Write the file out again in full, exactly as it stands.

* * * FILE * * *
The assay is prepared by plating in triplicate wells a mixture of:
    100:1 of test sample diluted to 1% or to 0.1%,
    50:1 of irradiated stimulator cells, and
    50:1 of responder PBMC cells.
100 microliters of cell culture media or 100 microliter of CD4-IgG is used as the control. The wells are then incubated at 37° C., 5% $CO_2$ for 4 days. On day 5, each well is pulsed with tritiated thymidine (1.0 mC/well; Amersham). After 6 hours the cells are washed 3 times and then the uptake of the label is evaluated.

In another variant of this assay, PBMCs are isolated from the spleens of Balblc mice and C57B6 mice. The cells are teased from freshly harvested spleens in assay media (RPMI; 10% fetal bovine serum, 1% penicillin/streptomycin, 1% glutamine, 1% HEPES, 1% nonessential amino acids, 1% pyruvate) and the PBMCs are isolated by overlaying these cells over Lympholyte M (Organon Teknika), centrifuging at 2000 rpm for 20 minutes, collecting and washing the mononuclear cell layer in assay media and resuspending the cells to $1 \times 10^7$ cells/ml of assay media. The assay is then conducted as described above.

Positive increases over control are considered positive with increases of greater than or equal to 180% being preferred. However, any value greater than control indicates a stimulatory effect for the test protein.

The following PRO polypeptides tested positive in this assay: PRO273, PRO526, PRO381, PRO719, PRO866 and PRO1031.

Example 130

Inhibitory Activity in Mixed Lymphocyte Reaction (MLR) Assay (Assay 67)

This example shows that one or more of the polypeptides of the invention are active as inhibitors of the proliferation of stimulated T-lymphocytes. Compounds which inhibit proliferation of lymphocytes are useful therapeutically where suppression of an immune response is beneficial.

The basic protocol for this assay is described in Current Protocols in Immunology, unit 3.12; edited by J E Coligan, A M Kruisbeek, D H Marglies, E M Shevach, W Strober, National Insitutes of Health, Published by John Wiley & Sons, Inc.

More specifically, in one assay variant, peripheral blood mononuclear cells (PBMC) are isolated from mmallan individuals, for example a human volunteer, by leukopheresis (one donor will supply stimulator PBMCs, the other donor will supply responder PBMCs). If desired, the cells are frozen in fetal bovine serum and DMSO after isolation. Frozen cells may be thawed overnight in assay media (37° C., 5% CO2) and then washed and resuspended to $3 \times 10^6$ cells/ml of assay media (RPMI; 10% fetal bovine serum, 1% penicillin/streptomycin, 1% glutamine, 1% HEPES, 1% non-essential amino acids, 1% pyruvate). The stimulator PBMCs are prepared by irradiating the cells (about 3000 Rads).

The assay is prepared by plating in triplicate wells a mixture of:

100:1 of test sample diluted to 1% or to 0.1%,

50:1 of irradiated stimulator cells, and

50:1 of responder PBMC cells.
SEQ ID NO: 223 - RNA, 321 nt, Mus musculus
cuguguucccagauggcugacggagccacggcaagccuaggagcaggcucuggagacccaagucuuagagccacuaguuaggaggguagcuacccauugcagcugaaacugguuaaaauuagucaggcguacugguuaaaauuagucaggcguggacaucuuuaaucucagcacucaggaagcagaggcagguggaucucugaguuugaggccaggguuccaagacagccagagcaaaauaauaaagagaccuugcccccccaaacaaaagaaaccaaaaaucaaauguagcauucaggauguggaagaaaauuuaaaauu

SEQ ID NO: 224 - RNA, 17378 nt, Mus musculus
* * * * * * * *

The assay is prepared by plating in triplicate wells a mixture of:
    100:1 of test sample diluted to 1% or to 0.1%,
    50:1 of irradiated stimulator cells, and
    50:1 of responder PBMC cells.
100 microliters of cell culture media or 100 microliter of CD4-IgG is used as the control. The wells are then incubated at 37° C., 5% $CO_2$ for 4 days. On day 5, each well is pulsed with tritiated thymidine (1.0 mC/well; Amersham). After 6 hours the cells are washed 3 times and then the uptake of the label is evaluated.

In another variant of this assay, PBMCs are isolated from the spleens of Balblc mice and C57B6 mice. The cells are teased from freshly harvested spleens in assay media (RPMI; 10% fetal bovine serum, 1% penicillin/streptomycin, 1% glutamine, 1% HEPES, 1% nonessential amino acids, 1% pyruvate) and the PBMCs are isolated by overlaying these cells over Lympholyte M (Organon Teknika), centrifuging at 2000 rpm for 20 minutes, collecting and washing the mononuclear cell layer in assay media and resuspending the cells to $1 \times 10^7$ cells/ml of assay media. The assay is then conducted as described above.

Positive increases over control are considered positive with increases of greater than or equal to 180% being preferred. However, any value greater than control indicates a stimulatory effect for the test protein.

The following PRO polypeptides tested positive in this assay: PRO273, PRO526, PRO381, PRO719, PRO866 and PRO1031.

Example 130

Inhibitory Activity in Mixed Lymphocyte Reaction (MLR) Assay (Assay 67)

This example shows that one or more of the polypeptides of the invention are active as inhibitors of the proliferation of stimulated T-lymphocytes. Compounds which inhibit proliferation of lymphocytes are useful therapeutically where suppression of an immune response is beneficial.

The basic protocol for this assay is described in Current Protocols in Immunology, unit 3.12; edited by J E Coligan, A M Kruisbeek, D H Marglies, E M Shevach, W Strober, National Insitutes of Health, Published by John Wiley & Sons, Inc.

More specifically, in one assay variant, peripheral blood mononuclear cells (PBMC) are isolated from mmallan individuals, for example a human volunteer, by leukopheresis (one donor will supply stimulator PBMCs, the other donor will supply responder PBMCs). If desired, the cells are frozen in fetal bovine serum and DMSO after isolation. Frozen cells may be thawed overnight in assay media (37° C., 5% CO2) and then washed and resuspended to $3 \times 10^6$ cells/ml of assay media (RPMI; 10% fetal bovine serum, 1% penicillin/streptomycin, 1% glutamine, 1% HEPES, 1% non-essential amino acids, 1% pyruvate). The stimulator PBMCs are prepared by irradiating the cells (about 3000 Rads).

The assay is prepared by plating in triplicate wells a mixture of:

100:1 of test sample diluted to 1% or to 0.1%,

50:1 of irradiated stimulator cells, and

50:1 of responder PBMC cells.
SEQ ID NO: 223 - RNA, 321 nt, Mus musculus
cuguguucccagauggcugacggagccacggcaagccuaggagcaggcucuggagacccaagucuuagagccacuaguuaggaggguagcuacccauugcagcugaaacugguuaaaauuagucaggcguacugguuaaaauuagucaggcguggacaucuuuaaucucagcacucaggaagcagaggcagguggaucucugaguuugaggccaggguuccaagacagccagagcaaaauaauaaagagaccuugcccccccaaacaaaagaaaccaaaaaucaaauguagcauucaggauguggaagaaaauuuaaaauu

SEQ ID NO: 224 - RNA, 17378 nt, Mus musculus